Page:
David Archer: That’s correct. I have not.
Sara Raymond de Booy: Well, what do you think of when you think of Amsterdam?
David Archer: Hmm. Well the first thing that comes to mind is probably the canals. And that has a lot to do with the photos that I see from people like yourself who have visited there but, I also have admired, like many people do, the, the attitude towards cycling and bicycles. Just the sheer number of people that are using bikes to get around and also the infrastructure.
Like, how the bicycles connect with train systems and those big bicycle traffic circles. I don’t know what you call that, but, I always like seeing that. And I also kind of think about crowds just because of the work that we do at Destination Think, and we think about how tourism affects places. And Amsterdam’s been one of those spots that’s sometimes in a sticky situation with crowding.
Sara Raymond de Booy: Yeah, and your, your bicycle on crowd chat is reminding me of, all of the etiquette. Around bicycles and commuting on bicycles that might not come as natural to somebody who’s not, spent a lot of time there. So, as a exclusive pedestrian, most of the time when I was in Amsterdam that came into play a few times.
So what have you heard about Amsterdam lately?
David Archer: Well, that, again, has a lot to do with our work. In particular, I’ve heard about a campaign called Stay Away, which is put on by the City of Amsterdam*. And that’s one that made some waves in the last couple of months because it has told people to stay away if they don’t behave a certain way.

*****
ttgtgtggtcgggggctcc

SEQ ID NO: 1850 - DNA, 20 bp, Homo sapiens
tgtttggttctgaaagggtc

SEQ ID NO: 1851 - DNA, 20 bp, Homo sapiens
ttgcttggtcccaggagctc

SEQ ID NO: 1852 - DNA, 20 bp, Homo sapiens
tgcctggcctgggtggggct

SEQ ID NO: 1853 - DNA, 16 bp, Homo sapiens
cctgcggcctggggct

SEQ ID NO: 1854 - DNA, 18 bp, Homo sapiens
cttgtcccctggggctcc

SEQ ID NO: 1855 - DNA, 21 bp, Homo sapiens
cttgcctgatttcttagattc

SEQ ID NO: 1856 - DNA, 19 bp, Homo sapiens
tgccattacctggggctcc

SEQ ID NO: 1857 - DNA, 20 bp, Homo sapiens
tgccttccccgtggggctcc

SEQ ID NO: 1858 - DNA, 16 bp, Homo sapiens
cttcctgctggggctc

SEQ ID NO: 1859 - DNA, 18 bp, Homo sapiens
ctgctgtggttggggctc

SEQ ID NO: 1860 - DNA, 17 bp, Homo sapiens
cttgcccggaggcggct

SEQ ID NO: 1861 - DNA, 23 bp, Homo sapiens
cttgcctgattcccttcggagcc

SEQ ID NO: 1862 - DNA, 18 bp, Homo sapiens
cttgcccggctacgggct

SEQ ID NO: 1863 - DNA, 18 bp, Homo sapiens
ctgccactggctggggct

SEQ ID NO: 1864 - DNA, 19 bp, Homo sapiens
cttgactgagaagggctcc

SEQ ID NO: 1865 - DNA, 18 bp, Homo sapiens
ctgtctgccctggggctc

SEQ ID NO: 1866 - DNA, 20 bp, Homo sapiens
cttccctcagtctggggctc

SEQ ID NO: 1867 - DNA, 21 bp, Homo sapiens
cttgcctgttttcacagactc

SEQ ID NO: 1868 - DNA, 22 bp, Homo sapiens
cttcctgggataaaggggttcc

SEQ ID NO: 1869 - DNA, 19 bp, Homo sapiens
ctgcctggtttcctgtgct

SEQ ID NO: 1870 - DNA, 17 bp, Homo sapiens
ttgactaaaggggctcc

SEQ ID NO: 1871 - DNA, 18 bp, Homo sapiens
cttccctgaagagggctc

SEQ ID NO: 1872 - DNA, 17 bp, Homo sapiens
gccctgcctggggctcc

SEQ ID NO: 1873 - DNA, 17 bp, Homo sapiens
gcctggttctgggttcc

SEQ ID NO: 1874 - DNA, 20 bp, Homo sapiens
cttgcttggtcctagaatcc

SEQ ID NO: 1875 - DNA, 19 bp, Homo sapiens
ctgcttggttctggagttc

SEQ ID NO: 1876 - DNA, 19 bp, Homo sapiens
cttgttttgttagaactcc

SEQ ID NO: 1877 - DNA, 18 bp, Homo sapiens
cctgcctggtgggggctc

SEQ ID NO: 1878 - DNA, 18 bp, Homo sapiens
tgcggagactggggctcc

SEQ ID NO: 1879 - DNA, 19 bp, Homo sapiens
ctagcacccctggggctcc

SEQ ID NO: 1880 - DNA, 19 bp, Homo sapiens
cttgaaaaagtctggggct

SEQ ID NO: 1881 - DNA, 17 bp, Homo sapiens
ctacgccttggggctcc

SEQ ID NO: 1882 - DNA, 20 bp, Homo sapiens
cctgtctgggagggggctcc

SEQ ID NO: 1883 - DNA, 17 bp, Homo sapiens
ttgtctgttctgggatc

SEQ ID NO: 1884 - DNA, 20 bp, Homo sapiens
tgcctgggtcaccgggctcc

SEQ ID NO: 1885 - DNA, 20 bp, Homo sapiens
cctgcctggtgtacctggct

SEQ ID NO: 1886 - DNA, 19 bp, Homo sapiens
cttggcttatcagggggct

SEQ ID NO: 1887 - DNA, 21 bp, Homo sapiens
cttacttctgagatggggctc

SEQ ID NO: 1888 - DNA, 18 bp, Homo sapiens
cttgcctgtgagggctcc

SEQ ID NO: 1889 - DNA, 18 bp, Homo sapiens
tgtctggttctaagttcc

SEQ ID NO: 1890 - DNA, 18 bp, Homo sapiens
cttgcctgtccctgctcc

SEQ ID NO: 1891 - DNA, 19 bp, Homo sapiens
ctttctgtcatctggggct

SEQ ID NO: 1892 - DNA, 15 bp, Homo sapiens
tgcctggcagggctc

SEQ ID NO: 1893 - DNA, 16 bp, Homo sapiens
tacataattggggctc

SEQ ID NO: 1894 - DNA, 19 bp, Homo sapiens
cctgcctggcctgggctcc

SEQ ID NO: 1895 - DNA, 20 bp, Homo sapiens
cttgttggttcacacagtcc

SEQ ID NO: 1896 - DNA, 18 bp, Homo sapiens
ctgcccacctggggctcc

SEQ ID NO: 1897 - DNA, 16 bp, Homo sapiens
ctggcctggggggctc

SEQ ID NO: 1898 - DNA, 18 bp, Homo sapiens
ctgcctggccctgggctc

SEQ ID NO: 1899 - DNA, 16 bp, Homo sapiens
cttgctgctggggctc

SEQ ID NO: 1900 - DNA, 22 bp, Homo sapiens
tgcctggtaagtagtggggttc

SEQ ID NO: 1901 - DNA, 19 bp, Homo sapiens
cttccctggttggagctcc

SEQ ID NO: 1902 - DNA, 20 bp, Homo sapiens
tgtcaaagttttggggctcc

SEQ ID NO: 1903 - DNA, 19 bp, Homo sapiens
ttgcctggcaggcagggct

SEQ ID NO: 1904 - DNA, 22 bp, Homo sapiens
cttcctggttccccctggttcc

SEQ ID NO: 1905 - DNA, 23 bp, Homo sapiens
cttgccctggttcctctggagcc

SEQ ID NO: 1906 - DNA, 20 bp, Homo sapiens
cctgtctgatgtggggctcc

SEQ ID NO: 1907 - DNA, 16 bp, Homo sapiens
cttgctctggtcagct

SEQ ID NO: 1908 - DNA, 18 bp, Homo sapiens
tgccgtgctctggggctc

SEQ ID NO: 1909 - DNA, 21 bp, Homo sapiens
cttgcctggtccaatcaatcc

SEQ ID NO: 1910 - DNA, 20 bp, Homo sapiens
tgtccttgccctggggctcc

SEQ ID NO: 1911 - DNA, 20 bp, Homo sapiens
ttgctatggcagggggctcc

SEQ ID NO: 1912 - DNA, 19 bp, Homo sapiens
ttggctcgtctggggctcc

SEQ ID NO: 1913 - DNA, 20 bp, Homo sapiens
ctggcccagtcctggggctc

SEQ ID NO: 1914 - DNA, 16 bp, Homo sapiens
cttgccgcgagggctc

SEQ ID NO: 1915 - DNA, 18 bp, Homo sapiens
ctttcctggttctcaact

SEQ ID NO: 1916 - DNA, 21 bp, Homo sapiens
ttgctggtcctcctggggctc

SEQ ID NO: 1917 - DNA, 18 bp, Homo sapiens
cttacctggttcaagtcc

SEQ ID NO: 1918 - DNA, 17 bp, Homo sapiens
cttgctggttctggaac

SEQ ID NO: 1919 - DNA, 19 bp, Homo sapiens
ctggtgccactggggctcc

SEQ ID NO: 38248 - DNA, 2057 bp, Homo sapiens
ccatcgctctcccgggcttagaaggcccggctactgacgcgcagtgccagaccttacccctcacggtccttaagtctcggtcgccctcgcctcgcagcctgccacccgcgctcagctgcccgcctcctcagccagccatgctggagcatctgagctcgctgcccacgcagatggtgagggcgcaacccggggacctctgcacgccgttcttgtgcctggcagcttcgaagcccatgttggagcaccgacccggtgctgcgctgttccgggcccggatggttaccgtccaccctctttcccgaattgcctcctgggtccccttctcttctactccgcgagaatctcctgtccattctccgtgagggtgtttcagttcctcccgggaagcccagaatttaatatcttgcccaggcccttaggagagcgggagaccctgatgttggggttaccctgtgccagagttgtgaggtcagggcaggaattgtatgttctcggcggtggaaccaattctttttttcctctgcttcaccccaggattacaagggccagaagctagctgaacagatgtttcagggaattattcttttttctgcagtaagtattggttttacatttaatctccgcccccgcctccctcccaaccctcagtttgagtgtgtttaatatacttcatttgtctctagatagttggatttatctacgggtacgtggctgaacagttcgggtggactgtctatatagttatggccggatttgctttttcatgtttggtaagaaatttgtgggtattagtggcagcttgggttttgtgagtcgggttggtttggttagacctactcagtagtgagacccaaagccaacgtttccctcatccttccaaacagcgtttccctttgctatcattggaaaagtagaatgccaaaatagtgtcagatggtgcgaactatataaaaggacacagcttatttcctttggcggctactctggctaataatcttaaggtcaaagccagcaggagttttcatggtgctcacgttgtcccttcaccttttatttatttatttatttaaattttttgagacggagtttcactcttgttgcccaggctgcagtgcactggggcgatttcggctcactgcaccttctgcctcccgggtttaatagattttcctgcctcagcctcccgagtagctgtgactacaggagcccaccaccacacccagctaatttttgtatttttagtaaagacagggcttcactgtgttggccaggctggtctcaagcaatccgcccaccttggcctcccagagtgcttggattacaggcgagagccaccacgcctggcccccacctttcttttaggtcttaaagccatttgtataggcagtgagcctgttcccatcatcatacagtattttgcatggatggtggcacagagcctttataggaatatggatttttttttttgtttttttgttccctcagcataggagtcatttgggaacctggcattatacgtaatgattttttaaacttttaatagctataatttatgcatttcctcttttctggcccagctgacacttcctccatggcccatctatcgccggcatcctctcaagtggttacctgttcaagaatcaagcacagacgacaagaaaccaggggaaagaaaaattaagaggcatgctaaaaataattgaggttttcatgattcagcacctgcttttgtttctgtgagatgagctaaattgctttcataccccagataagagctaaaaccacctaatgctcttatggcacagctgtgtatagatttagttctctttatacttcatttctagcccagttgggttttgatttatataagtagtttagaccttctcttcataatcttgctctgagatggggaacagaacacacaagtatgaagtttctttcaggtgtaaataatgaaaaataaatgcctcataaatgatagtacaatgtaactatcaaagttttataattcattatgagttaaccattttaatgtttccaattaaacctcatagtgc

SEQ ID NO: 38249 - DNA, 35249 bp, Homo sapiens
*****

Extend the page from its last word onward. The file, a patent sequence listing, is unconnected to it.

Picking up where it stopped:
And we’re here to talk a bit about that. I also see a lot of headlines recently, like Amsterdam’s Council has banned cruise ships from the city center, and that city center is one of those very crowded spots often. The airport has also crossed my radar, so Schiphol airport limits flights to prevent emissions. I don’t know the details on that, but it is, I believe a world first for an airport to limit flights for that reason. And they’ve also come up with some ideas like banning private jets, starting to put into practice some of the principles we’ve been talking about with sustainability, and kind of dealing with the impact of travel related to the environment.
Sara Raymond de Booy: Yeah, I think Amsterdam was, for me, probably one of the places I remember hearing about a few years ago with issues, related to Airbnb and the impact on the local community and making sure that residents are still able to, to live within the city center and make that city what it is, too.
David Archer: Yeah, that’s right. AirBnB. That’s a story that’s resonating in so many different places including here in Canada. I saw some numbers recently about, the number of visitors coming to Amsterdam, or coming to the Netherlands, excuse me. And how that, crowding is likely to, to go on in some way because, NBTC shares the estimates that the number of incoming visitors to the Netherlands could grow by 50% from 18 million in 2017 to 29 million in 2030, and this number of international visitors could go up to 42 million by 2030, if the growth enjoyed in the past few years, keeps progressing exponentially. That number or that estimation comes before Covid, but nonetheless, uh, it’s a, it’s a pretty steep growth curve, I’d say. So those are some of the issues that we’re grappling with around Netherlands and Amsterdam in this conversation.
So there’s lots to learn. Let’s go listen in on Destination Think CEO Rodney Payne with Geerte Udo, Director at Amsterdam and Partners.
Rodney Payne: Could you start just by telling me your name what you do and where we are?
Geerte Udo: Yes. My name is Geerte Udo and I’m the Director of Amsterdam and Partners.
Rodney Payne: Can you tell me about the city we’re in?